|Publication number||US5435170 A|
|Application number||US 08/176,393|
|Publication date||Jul 25, 1995|
|Filing date||Dec 30, 1993|
|Priority date||Dec 30, 1993|
|Also published as||EP0737310A1, EP0737310A4, WO1995018370A1|
|Publication number||08176393, 176393, US 5435170 A, US 5435170A, US-A-5435170, US5435170 A, US5435170A|
|Inventors||Paul J. Voelker, Joe D. Hedges|
|Original Assignee||Voelker; Paul J., Hedges; Joe D.|
|Export Citation||BiBTeX, EndNote, RefMan|
|Patent Citations (14), Non-Patent Citations (2), Referenced by (64), Classifications (17), Legal Events (6)|
|External Links: USPTO, USPTO Assignment, Espacenet|
1. Field of Invention
This invention relates to measurement and testing for liquid analysis, and more particularly to determining electrically the quality of any natural or synthetic oil, oil substitute, oil additive, or any other nonpolar or weakly polar liquid.
2. Description of the Prior Art
Three well known methods of determining e.g. lubricating oil quality are infrared spectroscopy, pH measurement, and prediction of degradation. Measuring the quality of the oil by infrared spectroscopy has the advantage of determining many qualities of the oil other than lubricity. Unfortunately this method requires removing a sample of the oil from e.g. the automobile and placing it in an infrared spectroscopy instrument. The instrument is expensive and requires some dexterity and experience with scientific measurements to use. Thus this is not a suitable method for alerting one that the oil needs to be changed.
Although the pH of an oil gives an indication that something is wrong with the oil, the pH does not directly measure the oil lubricating quality, but merely measures the presence of acids in the oil. It does not determine that the oil has degraded if the oil is contaminated by water or metal particulate. Basing oil quality on pH can also be unreliable. Volatile acids can evaporate over extended periods at operating temperatures and give a pH reading inconsistent with oil quality. The pH sensor apparatus is expensive and not particularly suited for the environment of the oil pan of an internal combustion engine.
Prediction methods for oil degradation are simple. Based on the mileage of the vehicle, a light comes on telling one that the oil needs to be changed. This does not take into account the various qualities of oil that can be used, nor does it take into account the actual driving conditions that directly effect the oil condition. Further, it does not account for engine wear as a factor in oil degradation. This method has recently become more sophisticated; however it is still simply a prediction that provides no qualitative or quantitative information regarding actual oil condition.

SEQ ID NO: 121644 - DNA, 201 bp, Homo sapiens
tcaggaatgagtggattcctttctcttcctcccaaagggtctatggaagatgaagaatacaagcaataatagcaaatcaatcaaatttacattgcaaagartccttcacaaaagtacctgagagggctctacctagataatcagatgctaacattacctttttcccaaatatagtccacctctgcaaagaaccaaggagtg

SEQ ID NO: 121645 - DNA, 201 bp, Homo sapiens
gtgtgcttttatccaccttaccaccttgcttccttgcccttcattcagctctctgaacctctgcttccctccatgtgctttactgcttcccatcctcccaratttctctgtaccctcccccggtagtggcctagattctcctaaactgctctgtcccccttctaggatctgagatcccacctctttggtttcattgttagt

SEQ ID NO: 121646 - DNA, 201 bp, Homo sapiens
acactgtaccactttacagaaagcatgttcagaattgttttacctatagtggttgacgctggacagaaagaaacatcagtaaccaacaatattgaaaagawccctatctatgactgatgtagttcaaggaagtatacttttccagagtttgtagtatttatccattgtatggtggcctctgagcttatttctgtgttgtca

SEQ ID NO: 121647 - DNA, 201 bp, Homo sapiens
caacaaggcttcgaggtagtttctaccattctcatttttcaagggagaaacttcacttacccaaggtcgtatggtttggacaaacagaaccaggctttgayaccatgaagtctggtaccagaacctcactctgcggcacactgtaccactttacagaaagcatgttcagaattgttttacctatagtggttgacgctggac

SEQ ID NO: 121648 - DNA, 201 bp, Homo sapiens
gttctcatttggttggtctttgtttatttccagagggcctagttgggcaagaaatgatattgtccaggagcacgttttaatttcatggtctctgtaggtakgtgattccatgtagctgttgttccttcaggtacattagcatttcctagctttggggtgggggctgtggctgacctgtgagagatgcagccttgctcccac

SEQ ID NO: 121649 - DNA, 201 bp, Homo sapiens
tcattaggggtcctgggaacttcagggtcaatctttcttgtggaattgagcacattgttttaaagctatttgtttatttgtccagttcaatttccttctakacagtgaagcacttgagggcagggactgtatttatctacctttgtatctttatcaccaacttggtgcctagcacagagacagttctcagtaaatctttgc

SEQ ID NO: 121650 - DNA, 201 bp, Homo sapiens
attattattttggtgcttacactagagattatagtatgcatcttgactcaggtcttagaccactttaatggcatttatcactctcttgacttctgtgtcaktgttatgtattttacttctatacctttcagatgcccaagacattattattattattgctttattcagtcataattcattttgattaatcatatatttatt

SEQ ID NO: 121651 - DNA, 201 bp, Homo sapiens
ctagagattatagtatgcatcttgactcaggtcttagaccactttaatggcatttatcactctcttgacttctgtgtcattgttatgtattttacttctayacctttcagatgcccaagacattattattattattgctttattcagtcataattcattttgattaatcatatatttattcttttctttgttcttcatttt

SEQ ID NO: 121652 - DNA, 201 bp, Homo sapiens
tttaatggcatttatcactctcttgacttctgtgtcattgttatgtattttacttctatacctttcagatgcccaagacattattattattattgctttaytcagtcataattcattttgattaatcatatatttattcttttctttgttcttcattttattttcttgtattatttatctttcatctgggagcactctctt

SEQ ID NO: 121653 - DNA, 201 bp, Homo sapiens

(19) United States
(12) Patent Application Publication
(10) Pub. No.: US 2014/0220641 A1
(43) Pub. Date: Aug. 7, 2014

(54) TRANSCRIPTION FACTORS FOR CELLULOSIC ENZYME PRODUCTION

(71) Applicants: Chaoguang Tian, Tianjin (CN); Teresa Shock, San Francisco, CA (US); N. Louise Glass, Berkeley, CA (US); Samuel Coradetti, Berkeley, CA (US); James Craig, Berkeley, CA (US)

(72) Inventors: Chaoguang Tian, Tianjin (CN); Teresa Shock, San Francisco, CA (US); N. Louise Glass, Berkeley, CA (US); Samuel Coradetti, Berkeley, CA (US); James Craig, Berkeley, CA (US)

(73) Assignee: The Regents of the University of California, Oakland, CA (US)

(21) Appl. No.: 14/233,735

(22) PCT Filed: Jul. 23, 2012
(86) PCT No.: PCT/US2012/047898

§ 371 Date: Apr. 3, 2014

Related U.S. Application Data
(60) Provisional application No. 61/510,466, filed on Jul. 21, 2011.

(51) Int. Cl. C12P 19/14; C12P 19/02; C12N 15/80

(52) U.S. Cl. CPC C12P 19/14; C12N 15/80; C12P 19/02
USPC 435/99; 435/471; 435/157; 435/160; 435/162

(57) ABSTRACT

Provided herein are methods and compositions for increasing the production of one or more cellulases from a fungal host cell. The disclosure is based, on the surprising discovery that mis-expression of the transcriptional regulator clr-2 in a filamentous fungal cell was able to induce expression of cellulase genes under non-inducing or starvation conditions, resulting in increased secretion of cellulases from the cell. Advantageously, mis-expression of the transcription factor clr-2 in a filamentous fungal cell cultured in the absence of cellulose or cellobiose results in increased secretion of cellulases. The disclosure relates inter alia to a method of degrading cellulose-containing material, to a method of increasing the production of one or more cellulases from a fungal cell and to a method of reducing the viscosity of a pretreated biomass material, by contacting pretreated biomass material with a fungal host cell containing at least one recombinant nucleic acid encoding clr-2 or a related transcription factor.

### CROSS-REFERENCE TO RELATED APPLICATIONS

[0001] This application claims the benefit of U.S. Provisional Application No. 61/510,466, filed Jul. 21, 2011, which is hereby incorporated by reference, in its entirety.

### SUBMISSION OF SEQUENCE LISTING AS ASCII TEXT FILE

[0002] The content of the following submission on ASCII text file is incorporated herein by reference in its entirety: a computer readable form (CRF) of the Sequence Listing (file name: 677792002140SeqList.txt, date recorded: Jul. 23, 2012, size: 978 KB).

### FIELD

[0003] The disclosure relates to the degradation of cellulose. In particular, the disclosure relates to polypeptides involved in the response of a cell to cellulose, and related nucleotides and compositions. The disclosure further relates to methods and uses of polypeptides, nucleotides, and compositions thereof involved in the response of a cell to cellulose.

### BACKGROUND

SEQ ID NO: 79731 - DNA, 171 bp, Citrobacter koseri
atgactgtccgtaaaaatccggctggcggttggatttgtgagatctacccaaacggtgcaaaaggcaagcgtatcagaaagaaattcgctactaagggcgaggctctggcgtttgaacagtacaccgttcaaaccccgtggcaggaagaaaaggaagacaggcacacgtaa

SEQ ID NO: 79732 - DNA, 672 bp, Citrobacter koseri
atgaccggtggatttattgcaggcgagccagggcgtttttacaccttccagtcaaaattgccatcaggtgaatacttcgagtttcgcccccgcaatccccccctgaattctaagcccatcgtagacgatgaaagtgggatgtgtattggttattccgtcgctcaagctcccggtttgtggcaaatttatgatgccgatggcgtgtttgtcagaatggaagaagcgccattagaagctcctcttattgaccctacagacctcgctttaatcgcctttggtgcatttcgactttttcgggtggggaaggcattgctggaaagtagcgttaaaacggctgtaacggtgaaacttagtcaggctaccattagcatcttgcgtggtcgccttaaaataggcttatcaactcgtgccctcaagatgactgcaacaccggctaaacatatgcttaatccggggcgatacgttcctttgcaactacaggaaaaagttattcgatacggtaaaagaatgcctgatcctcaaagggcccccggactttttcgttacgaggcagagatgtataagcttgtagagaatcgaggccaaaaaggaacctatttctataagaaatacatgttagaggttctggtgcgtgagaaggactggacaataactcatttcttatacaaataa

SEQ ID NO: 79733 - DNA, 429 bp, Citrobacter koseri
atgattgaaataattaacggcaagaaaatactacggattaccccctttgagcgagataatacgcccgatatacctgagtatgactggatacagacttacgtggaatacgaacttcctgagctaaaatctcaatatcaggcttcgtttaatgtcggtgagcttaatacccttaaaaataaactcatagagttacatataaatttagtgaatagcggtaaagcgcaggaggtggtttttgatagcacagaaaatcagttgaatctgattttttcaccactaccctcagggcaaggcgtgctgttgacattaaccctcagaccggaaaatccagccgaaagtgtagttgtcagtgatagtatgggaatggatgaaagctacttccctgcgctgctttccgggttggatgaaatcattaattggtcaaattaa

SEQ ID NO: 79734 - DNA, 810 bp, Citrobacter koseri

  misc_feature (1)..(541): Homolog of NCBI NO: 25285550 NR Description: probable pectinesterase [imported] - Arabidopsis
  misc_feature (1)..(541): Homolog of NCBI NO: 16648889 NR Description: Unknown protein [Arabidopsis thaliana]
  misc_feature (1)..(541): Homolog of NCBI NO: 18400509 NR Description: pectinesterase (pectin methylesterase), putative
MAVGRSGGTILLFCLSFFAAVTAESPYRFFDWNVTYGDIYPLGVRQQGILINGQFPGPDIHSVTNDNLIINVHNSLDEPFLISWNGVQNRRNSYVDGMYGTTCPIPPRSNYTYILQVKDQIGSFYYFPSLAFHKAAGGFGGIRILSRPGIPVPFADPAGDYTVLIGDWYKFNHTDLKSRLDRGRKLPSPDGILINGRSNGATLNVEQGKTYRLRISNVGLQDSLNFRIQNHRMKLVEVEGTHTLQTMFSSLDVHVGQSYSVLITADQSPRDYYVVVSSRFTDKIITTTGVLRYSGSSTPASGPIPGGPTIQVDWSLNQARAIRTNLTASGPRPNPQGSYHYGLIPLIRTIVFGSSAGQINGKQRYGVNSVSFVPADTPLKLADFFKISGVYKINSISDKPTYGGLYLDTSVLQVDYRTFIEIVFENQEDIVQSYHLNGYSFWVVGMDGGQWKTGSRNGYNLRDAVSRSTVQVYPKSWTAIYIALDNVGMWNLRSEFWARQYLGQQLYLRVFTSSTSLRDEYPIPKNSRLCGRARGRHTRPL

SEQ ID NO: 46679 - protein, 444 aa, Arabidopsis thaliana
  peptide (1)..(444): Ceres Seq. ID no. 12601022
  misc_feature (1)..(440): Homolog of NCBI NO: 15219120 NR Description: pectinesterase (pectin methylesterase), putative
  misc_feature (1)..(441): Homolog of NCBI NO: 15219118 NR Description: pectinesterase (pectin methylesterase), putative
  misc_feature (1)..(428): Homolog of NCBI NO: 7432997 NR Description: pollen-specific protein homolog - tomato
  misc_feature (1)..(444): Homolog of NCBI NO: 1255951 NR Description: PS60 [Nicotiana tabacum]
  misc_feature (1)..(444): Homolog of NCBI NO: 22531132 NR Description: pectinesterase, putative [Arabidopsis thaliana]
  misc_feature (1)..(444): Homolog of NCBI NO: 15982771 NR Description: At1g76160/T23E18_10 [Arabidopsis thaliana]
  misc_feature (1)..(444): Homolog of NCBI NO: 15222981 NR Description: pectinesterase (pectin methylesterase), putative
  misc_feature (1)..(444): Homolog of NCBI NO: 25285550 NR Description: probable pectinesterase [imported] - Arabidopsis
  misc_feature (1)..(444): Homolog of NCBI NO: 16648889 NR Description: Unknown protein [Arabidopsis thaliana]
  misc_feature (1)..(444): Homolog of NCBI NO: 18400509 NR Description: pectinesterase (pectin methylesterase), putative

In accordance with the invention, a method and apparatus determine the quality of a fluid (e.g. oil) by its solvating effect on an insoluble (resin) matrix to which charged groups have been covalently bound. The solvating effect is measured electronically as a variation in an electrical characteristic (e.g., capacitance or conductivity) of the matrix. The apparatus includes a conductive mesh containing small (milligram) amounts of charged resin beads. A metal probe is fitted in the mesh and makes contact with the resin. The entire device is immersed in the fluid, and electrical conductivity is measured from the probe to the mesh through the resin. Fluid quality degradation is measured as a change in electrical conductivity or capacitance through the resin with respect to an increase in the fluid's solvent polarity.
This invention therefore relates to a fluid quality sensing device and related method that determine, under actual operating conditions and in real time, the fluid quality. This cost-effective sensor is suitable for many applications in which oil or other fluids are used and where the quality of the fluid degrades over time.
The present invention more broadly has application where any nonpolar fluid or weakly polar fluid is used for purposes such as providing force, as would be the case in e.g. hydraulic hoists, or in heating or cooling applications such as heat exchangers, both instances involving a degradation of the relevant quality of the fluid with use. In addition, the invention has application to engines, transmissions, differentials, power steering units and hydraulic brake cylinders on vehicles such as cars, trucks, motorcycles, boats, tractors, and airplanes, and to stationary devices such as generators, turbines and pumps where a fluid is used for e.g. heating, cooling or transmitting force. The apparatus is placed in any location of a system which uses a fluid which degrades or where there is a need to determine fluid quality.
In a process in accordance with this invention, a support (solvated resin beads in one embodiment) holding charged groups serves as a conductor or capacitor between two electrodes. A change in electrical conductivity (or capacitance) results when the interactive behavior between the charged groups on the resin beads adjusts to changing solvent polarity conditions of a surrounding fluid. In a non-polar fluid environment, such as a clean oil being the fluid, neighboring charged groups orient themselves to a self-aggregated state and form clusters similar to a reverse micelle, analogous to detergent molecules in nonaqueous solvents.